Le Conversazioni FMR: An Evening with Renzo Piano and Mark di Suvero
Renowned architect Renzo Piano (recipient of the Pritzker Prize and designer of The Morgan Library & Museum’s recent expansion completed in 2006) and noted sculptor Mark di Suvero discuss the varied-and often surprising-intersections of the arts, conceptions of beauty, and inspirations on their work with Antonio Monda, Director of the Le Conversazioni literary festival, Capri, Italy. Presented by FMR White Edition (a bimonthly art magazine published by Marilena Ferrari-FMR Casa editrice d'arte e Fondazione) and The Morgan Library & Museum.
Wednesday, May 13, 2009, 6:30 p.m.

May 05, 2009

Photographers Richard Renaldi, and Doug DuBois, talk with Lesley A. Martin

Richard_renaldi_Fall_river_Boys Photographers Richard Renaldi, and Doug DuBois, talk with Lesley A Martin at the Affordable Art Fair this week!

This week starts the Afordable Art Fair. It's a fair oriented toward reasonably priced contemporary art, which in this shitty economy, is the only art most people can hope to own. The fair tends to include lots of think inexpensive new young emerging artists, so it's always been a fun place to find that next hot rising star. FYI, the SVA will have a booth again, showing some of their most recent MFA graduates work. This booth of 9 SVA students is sure to be one of the AAF high points.

AAF Where:
7 West 34th Street (b/w 5th & 6th Avenues)
New York, NY 10001
Fair Hours:

Thursday, May 7th 12:00PM - 6:00PM

Friday, May 8th 12:00PM - 8:00PM

Saturday, May 9th 12:00PM - 8:00PM

Sunday, May 10th 12:00PM - 5:00PM

The fair is also hosting a series of free lectures, but the one which caught our eye, was a talk between Aperture Photobook publisher giant, Lesley A. Martin, with 2 great contemporary art photographers.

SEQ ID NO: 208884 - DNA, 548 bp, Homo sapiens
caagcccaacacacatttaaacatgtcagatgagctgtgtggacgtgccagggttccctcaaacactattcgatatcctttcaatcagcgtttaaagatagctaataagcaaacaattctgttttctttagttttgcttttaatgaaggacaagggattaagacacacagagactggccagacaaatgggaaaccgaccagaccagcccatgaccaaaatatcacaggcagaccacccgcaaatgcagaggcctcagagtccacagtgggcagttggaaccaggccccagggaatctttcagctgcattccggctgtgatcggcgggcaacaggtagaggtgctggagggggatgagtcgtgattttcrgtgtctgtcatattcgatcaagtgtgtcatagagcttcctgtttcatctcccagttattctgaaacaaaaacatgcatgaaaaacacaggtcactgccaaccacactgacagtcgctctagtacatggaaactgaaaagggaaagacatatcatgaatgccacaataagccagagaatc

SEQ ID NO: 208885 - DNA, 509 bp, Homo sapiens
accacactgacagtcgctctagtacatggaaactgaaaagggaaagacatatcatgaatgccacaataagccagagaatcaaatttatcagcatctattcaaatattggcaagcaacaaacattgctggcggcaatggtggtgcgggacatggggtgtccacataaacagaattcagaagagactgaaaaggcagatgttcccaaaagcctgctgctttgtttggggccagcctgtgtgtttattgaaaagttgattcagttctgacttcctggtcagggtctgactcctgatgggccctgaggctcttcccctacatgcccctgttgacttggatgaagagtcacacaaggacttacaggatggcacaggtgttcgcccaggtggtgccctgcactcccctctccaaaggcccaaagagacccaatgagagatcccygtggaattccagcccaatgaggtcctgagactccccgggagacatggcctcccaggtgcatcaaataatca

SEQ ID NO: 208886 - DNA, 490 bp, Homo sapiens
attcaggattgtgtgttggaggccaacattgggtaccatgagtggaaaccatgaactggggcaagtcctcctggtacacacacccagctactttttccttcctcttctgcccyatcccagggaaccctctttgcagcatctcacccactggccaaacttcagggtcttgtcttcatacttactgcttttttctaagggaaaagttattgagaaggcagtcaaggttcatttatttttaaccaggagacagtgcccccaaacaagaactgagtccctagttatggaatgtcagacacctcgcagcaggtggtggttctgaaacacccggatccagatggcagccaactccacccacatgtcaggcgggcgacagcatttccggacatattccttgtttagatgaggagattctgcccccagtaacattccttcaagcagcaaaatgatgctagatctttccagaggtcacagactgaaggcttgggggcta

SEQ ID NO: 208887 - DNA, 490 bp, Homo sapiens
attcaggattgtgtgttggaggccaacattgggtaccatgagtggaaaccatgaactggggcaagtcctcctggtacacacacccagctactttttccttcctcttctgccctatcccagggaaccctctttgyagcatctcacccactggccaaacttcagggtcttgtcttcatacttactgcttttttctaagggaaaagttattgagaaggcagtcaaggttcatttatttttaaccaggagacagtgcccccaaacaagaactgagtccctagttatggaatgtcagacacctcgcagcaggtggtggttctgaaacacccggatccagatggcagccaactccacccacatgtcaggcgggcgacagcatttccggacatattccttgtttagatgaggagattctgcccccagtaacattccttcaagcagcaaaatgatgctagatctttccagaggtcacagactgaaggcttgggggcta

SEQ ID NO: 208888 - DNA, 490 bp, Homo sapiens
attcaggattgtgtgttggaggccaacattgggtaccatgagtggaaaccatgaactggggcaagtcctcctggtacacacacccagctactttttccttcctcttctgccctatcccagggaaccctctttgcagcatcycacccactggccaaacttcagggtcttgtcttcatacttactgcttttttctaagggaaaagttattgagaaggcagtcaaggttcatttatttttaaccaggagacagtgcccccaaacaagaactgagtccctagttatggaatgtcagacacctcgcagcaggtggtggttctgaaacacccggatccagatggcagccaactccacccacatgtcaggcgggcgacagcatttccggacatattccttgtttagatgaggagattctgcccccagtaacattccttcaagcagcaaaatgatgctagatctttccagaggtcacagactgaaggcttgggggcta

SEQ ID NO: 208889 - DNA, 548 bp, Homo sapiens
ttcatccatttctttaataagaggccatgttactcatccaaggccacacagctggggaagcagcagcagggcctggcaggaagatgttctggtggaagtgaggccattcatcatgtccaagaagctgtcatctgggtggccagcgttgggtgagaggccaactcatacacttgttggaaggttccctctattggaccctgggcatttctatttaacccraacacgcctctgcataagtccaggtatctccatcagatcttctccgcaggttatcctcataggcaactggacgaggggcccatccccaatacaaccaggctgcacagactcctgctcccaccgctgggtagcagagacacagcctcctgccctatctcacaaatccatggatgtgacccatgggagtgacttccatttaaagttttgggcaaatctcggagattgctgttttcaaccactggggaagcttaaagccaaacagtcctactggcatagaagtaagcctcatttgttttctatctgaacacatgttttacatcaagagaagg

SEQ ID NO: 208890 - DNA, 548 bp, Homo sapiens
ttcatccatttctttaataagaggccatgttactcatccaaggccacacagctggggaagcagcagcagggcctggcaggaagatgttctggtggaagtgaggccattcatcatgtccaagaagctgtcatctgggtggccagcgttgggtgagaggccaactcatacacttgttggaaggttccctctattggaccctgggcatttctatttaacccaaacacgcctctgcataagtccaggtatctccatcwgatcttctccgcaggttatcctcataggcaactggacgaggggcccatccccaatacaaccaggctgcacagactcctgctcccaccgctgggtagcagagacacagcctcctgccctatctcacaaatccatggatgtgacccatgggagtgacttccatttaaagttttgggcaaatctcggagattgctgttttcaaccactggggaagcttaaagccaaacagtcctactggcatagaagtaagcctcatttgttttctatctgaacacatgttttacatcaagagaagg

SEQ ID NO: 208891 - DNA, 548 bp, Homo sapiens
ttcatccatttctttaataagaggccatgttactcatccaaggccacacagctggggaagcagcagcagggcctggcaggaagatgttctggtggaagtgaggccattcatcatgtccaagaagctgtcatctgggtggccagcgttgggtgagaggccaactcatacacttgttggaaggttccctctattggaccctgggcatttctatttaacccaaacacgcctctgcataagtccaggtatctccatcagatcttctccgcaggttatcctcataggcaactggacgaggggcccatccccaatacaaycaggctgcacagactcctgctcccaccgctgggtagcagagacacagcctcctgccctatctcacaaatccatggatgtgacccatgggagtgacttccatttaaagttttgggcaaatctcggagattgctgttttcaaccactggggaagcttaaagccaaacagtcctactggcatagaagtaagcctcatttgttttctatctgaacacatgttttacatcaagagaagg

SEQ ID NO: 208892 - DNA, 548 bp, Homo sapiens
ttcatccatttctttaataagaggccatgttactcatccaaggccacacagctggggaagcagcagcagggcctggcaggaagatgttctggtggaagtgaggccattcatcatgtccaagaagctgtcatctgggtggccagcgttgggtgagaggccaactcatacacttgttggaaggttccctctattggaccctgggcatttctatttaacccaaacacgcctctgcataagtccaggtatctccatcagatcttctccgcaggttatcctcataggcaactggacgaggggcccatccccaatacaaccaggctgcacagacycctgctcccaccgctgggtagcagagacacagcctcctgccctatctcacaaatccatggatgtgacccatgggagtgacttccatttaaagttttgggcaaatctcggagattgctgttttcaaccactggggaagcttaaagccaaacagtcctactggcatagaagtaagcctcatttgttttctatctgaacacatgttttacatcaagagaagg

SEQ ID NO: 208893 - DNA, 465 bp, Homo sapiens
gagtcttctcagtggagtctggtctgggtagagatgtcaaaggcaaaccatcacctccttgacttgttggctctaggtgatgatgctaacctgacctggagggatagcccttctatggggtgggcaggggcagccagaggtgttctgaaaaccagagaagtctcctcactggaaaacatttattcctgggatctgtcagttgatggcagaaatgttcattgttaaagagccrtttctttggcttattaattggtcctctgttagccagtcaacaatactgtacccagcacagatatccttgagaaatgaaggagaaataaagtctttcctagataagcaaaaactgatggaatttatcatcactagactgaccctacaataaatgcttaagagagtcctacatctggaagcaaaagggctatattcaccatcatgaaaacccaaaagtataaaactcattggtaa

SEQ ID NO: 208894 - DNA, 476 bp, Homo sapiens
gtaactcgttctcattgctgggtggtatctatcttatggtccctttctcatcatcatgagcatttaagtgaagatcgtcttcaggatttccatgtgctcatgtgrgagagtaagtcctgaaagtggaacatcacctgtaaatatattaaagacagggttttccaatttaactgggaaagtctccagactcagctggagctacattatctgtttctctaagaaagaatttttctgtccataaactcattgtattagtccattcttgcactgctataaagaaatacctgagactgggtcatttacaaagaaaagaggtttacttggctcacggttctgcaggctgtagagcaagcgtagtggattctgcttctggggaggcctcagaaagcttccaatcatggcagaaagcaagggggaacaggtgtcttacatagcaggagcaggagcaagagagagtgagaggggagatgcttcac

Lesley A. Martin, is the driving force behind the highest quality photobook being produced today. As Editor at Aperture books, she is one of the most influential people in the Art Photography world. Her writing has been published in Aperture, American Photo, DoubleTake, and Interiors magazine, among other publications. She is the editor of over forty books on photography, including Reflex: A Vik Muniz Primer; and Model American: Katy Grannan.

Richard_renaldi_Derrek_2004 Also, for those of you who've seen Richard Renaldi's photography, you'll know he's one of the most renown young portrait photographers working today.  His newest photobook, Fall River Boys, recently published by Charles Lane Press, is a true work of art. 

(Photo #1, Richard Renaldi, "Raymond and Jeffrey, 2002" from Fall River Boys) 

In the rich B&W tradition of Walker Evans, and Dorothea Lang, Richard has crafted a thoughtful, year 2000, portrait of a common US dreary industrial suburban town with surprising luscious beauty. He's found, in this most unexpected place, a portrayal of hope, and strength within the young men of inner core America during these changing economic times. MAO thinks, you'll find this new book a total necessity for any serious photobook collection.  Hopefully Richard will be signing (and possibly selling) copies of his newest book after the panel talk.  You can also find copies of Fall River Boys here... or just go to www.charleslanepress.com